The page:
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Wendy Xu
Wendy Xu

Praxis

Recorded for Poem-a-Day, May 27, 2016.
About this Poem 

“This poem considers the fantasy (the myth) of writing as a politically and ethically neutral force—how seductive to imagine that the act of writing is less sticky than acts in the world. Ultimately, how flawed.”
—Wendy Xu

Praxis

I had put down in writing my fear of the war

I too pined for pastoral description

The blue of the water was the blue of the world

Newness does not, for me, equal satisfaction

A finite number of concentric rings I push out into space

A tedious fabric moving through time without malice

An act of oration, rebellion, inventory, fantasy

The sound of the earth closing its one good eye over me

Imagine: you reach out towards the margin’s white hand

You do what your poems want and are clean

When you lay down your thorns you will be done

You do not take up arms against anyone

Copyright © 2016 by Wendy Xu. Originally published in Poem-a-Day on May 27, 2016, by the Academy of American Poets.

Copyright © 2016 by Wendy Xu. Originally published in Poem-a-Day on May 27, 2016, by the Academy of American Poets.

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Classic Books of American Poetry

This collection of books showcases the masterpieces of American poetry that have influenced—or promise to influence—generations of poets. Take a look.

American Poets
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Joy Harjo
poem

[Sonnets are full of love, and this my tome]

Sonnets are full of love, and this my tome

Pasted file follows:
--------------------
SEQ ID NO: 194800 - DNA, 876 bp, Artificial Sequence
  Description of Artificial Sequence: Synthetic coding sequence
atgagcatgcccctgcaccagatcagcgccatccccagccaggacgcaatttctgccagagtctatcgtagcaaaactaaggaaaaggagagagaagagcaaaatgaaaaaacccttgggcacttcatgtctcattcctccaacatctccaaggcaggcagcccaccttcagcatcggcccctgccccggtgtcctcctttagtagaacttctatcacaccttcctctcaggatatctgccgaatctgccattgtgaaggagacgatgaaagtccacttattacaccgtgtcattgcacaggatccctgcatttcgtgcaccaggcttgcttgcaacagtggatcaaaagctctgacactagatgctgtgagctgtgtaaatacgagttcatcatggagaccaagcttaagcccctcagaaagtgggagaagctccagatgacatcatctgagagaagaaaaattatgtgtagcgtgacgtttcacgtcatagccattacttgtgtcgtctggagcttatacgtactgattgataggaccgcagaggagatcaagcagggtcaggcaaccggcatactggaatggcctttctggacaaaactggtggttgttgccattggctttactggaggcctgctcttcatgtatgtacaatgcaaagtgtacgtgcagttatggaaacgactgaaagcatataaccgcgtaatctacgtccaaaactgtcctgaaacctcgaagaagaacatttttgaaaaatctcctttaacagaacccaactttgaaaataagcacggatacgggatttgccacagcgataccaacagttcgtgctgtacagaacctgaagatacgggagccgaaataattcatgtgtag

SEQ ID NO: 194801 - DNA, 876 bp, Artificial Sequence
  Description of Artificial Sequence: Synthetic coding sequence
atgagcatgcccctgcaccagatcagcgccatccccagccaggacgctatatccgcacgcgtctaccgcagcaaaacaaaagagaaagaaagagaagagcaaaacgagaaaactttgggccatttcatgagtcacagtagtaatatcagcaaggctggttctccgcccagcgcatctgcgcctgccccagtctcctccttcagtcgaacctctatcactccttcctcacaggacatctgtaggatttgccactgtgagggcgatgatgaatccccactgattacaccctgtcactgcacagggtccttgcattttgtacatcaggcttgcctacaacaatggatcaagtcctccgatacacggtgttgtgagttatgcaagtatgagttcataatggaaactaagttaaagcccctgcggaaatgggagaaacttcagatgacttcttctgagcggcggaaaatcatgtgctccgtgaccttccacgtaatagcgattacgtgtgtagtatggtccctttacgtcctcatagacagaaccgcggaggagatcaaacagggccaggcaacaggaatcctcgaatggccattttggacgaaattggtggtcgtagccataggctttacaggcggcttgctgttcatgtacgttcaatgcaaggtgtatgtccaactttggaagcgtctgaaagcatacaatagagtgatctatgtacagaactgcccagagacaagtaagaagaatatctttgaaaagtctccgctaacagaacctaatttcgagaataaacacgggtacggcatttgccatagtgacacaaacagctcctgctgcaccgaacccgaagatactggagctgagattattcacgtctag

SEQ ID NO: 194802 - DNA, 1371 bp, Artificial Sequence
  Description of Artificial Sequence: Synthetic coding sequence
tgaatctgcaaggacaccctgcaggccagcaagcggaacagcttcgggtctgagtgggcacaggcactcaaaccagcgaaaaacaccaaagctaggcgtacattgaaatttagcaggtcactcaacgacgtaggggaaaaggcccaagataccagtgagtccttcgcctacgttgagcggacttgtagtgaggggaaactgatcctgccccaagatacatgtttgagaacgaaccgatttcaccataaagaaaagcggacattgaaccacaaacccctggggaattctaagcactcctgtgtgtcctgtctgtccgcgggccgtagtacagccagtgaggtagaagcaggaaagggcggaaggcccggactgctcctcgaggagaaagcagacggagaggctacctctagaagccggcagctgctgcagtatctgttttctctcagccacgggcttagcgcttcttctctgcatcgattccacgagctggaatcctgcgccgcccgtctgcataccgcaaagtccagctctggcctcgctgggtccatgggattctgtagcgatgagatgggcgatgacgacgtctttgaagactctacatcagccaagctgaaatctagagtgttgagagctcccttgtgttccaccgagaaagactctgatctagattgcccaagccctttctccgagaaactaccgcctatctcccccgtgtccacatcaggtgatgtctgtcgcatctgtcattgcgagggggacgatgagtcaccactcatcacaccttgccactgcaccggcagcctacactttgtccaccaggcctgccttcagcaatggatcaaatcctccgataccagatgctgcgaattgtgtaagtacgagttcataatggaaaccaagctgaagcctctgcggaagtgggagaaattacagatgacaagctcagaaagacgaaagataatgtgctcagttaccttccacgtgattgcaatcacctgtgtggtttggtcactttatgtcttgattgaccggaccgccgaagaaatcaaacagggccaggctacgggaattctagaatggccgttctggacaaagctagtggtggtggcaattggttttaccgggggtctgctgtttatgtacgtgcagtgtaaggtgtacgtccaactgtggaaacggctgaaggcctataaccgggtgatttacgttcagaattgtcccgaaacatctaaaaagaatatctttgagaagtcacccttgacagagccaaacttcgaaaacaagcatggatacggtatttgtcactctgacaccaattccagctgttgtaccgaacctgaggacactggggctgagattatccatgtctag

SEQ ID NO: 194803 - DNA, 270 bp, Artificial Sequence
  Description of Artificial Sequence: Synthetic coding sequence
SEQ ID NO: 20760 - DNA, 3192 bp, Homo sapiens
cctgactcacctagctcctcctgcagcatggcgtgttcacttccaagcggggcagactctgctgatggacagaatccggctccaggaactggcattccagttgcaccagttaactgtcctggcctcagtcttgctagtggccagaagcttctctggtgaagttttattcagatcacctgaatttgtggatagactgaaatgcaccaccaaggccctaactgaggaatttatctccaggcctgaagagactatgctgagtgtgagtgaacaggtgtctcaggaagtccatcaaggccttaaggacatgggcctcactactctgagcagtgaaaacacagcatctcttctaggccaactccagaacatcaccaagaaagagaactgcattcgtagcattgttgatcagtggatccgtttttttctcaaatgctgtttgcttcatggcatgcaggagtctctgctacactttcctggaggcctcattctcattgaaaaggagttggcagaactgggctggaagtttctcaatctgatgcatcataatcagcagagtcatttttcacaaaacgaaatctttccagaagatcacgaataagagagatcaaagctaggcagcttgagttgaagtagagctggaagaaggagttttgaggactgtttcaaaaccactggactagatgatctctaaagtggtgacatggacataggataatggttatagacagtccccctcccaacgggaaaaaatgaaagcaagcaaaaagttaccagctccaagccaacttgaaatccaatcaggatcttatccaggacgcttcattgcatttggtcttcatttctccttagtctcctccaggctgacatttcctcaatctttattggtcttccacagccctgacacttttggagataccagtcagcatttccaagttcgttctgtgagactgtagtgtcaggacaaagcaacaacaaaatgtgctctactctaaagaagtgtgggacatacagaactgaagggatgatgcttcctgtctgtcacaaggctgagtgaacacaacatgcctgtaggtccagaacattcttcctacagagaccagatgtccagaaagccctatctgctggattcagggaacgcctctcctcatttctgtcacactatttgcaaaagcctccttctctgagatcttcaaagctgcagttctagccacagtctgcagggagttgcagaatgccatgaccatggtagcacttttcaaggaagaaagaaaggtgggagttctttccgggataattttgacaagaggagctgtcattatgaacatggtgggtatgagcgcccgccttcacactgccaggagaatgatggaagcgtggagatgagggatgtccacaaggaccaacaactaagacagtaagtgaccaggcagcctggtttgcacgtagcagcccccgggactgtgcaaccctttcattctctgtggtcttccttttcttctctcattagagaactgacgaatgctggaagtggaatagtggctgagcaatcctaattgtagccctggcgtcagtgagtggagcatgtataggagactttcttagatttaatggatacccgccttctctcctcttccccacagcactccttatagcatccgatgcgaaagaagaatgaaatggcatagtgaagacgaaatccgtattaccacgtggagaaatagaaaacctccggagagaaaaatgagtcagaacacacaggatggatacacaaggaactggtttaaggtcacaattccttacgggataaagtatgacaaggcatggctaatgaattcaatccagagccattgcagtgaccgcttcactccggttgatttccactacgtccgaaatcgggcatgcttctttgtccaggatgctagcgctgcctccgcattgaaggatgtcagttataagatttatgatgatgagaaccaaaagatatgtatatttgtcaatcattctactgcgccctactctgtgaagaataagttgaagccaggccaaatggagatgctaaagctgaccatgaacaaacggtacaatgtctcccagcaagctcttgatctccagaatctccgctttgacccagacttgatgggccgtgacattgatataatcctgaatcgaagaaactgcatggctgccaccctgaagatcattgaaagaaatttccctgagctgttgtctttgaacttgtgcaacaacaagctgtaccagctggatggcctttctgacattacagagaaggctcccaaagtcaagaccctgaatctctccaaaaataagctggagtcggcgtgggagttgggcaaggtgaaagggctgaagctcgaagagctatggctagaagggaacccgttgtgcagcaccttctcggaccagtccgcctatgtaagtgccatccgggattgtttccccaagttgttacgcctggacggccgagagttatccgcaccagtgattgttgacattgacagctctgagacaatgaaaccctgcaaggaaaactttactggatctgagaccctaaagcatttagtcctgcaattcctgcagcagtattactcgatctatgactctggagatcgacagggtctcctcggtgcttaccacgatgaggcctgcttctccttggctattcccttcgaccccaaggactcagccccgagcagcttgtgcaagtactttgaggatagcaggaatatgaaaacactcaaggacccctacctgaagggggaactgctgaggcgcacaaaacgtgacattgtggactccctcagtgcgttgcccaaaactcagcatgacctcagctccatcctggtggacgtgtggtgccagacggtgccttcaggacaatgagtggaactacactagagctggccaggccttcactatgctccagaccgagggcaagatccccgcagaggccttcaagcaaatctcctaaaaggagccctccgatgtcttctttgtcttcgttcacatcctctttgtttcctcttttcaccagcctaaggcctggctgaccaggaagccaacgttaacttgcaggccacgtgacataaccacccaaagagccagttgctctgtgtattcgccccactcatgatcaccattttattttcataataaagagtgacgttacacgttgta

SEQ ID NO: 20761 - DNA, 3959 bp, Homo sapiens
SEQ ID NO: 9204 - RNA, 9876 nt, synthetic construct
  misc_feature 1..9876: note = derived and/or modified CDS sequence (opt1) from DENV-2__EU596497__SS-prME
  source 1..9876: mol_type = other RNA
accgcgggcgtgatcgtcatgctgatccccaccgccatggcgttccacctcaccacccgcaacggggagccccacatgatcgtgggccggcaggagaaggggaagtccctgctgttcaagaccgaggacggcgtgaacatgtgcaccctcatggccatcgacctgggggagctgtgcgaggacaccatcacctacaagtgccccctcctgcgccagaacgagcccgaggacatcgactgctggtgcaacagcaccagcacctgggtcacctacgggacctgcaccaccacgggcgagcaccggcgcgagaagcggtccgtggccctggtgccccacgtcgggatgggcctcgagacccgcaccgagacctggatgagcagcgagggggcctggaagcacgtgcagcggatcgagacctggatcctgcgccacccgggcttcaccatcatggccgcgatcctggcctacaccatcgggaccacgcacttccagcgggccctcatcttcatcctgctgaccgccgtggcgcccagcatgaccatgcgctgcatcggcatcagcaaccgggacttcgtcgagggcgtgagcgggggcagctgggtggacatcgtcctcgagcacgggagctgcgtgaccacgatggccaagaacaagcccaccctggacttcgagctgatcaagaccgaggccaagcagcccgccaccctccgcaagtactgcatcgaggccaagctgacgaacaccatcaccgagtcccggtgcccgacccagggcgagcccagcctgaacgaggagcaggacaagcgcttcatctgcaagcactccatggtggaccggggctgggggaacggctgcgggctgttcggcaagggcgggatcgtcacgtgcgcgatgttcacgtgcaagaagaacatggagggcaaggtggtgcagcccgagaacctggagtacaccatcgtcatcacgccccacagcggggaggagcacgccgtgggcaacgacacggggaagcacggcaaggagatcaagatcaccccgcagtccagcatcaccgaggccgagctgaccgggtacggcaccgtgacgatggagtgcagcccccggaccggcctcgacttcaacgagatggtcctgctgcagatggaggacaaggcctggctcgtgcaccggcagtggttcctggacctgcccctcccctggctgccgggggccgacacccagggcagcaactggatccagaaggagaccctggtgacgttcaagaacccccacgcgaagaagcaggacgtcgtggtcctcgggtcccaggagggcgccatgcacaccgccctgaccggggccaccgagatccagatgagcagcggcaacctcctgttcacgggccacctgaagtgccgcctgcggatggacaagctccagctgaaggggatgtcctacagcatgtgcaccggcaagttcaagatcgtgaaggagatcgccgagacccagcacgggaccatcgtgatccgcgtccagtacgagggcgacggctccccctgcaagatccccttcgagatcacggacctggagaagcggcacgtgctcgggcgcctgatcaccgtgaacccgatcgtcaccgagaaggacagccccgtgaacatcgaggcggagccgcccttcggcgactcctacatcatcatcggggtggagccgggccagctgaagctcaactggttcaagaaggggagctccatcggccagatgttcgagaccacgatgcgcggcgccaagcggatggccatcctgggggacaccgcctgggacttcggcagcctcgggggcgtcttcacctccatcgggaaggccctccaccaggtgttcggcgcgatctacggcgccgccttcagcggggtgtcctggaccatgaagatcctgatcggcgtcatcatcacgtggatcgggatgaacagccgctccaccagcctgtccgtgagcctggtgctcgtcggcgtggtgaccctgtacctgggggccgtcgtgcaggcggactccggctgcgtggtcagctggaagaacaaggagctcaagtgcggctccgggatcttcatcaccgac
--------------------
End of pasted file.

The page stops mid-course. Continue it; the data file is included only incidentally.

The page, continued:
Has many sonnets: so here now shall be
One sonnet more, a love sonnet, from me
To her whose heart is my heart’s quiet home,
To my first Love, my Mother, on whose knee
I learnt love-lore that is not troublesome;
Whose service is my special dignity,
And she my loadstar while I go and come
And so because you love me, and because
I love you, Mother, I have woven a wreath
Of rhymes wherewith to crown your honored name:
In you not fourscore years can dim the flame
Of love, whose blessed glow transcends the laws
Of time and change and mortal life and death.
Christina Rossetti
1881
poem

Morning Song

Love set you going like a fat gold watch.
The midwife slapped your footsoles, and your bald cry
Took its place among the elements.

Our voices echo, magnifying your arrival.  New statue.
In a drafty museum, your nakedness
Shadows our safety.  We stand round blankly as walls.

I'm no more your mother
Than the cloud that distills a mirror to reflect its own slow
Effacement at the wind's hand.

All night your moth-breath
Flickers among the flat pink roses.  I wake to listen:
A far sea moves in my ear.

One cry, and I stumble from bed, cow-heavy and floral
In my Victorian nightgown.
Your mouth opens clean as a cat's.  The window square

Whitens and swallows its dull stars.  And now you try
Your handful of notes;
The clear vowels rise like balloons.
Sylvia Plath
1966